In the complaint, Plaintiff alleges that Plaintiff entered into the License Agreement with OroAmerica (Compl., ¶6) and then later alleges that he entered into the License Agreement with “Defendants” (Compl., ¶10).  However, the attached License Agreement only shows it was entered between Plaintiff and “Guy Benhamou (OROAMERICA), of 443 north varney street, Burbank, California 91423.”  (Compl., Ex. A.)  It is signed by Guy Benhamou as CEO and also as “Guy Benhamou And Family Trust Owner At Oroamerica Inc And All Companies Aurafin.”  Defendant Richline is not a party to the License Agreement and is not mentioned in any portion of the agreement.  “If facts appearing in the exhibits [attached to the compliant] contradict those alleged, the facts in the exhibits take precedence.”  (Holland v. Morse Diesel Intern., Inc. (2001) 86 Cal.App.4th 1443, 1447.) Taking the facts presented in the License Agreement, Plaintiff has not alleged sufficient facts showing that Defendant is a party to the License Agreement and bound to its terms.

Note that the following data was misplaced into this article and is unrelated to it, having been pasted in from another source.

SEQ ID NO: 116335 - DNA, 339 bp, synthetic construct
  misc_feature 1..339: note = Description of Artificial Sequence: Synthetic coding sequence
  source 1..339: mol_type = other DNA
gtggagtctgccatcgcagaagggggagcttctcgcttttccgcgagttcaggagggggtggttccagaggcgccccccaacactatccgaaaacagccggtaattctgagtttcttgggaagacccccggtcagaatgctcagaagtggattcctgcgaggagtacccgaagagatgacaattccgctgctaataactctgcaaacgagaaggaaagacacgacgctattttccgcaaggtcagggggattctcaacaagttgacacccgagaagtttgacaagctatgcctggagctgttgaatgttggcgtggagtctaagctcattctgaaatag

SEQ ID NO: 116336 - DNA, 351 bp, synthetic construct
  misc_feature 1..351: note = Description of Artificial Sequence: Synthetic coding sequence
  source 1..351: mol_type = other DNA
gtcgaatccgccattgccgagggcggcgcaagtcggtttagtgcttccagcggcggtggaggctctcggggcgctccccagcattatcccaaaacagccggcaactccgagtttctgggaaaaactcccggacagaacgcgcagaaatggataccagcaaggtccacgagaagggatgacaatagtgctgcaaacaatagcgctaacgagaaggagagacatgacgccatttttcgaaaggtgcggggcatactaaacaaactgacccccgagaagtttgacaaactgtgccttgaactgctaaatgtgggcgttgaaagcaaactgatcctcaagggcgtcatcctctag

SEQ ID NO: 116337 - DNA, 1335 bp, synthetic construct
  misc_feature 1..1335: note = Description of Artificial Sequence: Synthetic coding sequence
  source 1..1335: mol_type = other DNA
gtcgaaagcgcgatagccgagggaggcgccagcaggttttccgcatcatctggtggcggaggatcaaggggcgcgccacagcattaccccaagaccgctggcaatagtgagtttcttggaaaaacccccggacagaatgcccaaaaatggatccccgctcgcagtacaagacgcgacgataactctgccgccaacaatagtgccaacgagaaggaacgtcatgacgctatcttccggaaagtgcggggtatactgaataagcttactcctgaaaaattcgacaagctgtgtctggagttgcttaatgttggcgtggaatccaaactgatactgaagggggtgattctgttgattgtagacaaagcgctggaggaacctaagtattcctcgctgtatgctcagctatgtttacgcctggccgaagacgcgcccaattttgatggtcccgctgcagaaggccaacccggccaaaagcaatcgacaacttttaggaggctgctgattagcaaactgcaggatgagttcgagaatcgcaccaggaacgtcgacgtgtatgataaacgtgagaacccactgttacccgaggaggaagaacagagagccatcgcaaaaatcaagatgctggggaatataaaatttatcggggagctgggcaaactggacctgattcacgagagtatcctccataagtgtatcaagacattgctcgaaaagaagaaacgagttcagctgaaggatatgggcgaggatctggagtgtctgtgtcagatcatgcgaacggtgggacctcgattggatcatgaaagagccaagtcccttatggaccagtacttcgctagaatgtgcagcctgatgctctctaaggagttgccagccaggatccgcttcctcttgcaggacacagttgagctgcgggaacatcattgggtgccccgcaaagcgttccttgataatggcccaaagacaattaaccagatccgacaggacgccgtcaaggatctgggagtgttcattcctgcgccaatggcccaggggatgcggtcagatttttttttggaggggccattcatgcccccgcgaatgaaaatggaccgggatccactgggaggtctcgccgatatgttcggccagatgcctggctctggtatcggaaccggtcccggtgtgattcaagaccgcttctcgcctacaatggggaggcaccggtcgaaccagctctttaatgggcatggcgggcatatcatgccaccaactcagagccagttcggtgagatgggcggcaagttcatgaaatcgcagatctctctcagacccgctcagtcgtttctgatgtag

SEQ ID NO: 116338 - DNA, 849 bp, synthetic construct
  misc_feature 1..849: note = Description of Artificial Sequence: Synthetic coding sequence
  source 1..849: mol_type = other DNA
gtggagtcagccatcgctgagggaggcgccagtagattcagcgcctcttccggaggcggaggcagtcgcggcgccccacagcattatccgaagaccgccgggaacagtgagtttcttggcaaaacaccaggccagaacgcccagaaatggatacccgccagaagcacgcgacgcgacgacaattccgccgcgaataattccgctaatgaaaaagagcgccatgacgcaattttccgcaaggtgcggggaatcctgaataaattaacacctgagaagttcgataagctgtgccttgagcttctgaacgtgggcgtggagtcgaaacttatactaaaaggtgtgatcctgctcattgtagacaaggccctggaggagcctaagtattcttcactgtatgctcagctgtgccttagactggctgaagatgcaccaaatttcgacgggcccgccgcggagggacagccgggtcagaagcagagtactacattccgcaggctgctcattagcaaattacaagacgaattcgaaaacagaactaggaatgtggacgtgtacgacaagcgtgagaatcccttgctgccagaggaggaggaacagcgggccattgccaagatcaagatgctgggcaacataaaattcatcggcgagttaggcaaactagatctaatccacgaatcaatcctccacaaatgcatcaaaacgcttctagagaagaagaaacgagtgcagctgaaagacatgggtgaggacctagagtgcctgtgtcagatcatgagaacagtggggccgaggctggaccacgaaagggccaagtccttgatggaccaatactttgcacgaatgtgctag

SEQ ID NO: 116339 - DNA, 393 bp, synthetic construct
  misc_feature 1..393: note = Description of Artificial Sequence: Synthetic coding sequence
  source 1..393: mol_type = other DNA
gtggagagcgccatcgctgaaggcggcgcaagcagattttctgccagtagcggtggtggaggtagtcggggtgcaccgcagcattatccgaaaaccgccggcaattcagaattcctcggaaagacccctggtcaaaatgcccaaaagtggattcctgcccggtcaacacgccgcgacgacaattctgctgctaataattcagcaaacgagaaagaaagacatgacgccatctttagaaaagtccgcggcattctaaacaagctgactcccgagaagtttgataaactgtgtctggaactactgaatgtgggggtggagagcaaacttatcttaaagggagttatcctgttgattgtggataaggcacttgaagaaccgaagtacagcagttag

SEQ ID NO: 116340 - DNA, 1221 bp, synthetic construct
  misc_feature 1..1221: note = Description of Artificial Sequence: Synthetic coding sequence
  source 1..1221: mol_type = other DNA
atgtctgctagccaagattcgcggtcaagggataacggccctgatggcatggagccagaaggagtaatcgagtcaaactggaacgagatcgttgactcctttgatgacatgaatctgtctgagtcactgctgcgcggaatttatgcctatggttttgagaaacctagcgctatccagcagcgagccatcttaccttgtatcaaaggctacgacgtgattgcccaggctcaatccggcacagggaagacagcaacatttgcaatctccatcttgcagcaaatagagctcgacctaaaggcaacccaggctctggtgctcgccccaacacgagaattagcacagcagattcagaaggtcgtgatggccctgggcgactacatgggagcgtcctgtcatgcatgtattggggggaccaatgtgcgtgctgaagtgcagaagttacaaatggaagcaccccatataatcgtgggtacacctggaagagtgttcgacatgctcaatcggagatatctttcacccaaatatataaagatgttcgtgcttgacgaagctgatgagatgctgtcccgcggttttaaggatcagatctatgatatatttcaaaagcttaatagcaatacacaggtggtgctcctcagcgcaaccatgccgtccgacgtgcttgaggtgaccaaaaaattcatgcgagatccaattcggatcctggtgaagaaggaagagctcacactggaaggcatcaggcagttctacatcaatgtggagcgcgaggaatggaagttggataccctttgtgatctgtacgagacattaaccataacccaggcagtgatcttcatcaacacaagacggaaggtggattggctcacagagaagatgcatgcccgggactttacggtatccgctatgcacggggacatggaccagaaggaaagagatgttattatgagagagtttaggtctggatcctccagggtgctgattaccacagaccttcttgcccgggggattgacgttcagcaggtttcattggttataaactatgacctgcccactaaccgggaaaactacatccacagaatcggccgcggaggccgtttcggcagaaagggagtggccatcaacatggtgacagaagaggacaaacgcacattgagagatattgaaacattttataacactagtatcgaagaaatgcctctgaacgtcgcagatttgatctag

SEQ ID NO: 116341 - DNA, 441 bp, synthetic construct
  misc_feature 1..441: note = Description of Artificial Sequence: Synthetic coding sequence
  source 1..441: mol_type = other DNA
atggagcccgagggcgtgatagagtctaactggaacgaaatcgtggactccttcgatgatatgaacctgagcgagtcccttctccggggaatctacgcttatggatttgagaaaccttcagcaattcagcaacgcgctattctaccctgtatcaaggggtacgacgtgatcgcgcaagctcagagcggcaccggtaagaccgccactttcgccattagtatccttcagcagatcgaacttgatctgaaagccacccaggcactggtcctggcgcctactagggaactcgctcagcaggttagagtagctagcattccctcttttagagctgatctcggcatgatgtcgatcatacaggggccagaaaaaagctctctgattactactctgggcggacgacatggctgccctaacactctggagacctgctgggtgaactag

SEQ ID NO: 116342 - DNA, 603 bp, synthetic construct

Second, Defendant argues that the Court should disregard Plaintiff’s allegation that he is owed a royalty because Defendant became a wholly owned subsidiary of Berkshire Hathaway.  Defendant argues that while Berkshire Hathaway formed Defendant in 2007, it is unclear how this formation in 2007 could obligate Defendant to Plaintiff on November 30, 2018 for a license agreement between Plaintiff and Mr. Benhamou.  Defendant also argues that OroAmerica and Aurafin were not validly existing legal entities when the License Agreement was purportedly executed because OroAmerica merged out of existence in 2001 and Aurafin (changing its name to AE Enterprises LLC) dissolved by 2009.  (Def.’s RJN Exs. 3-6.)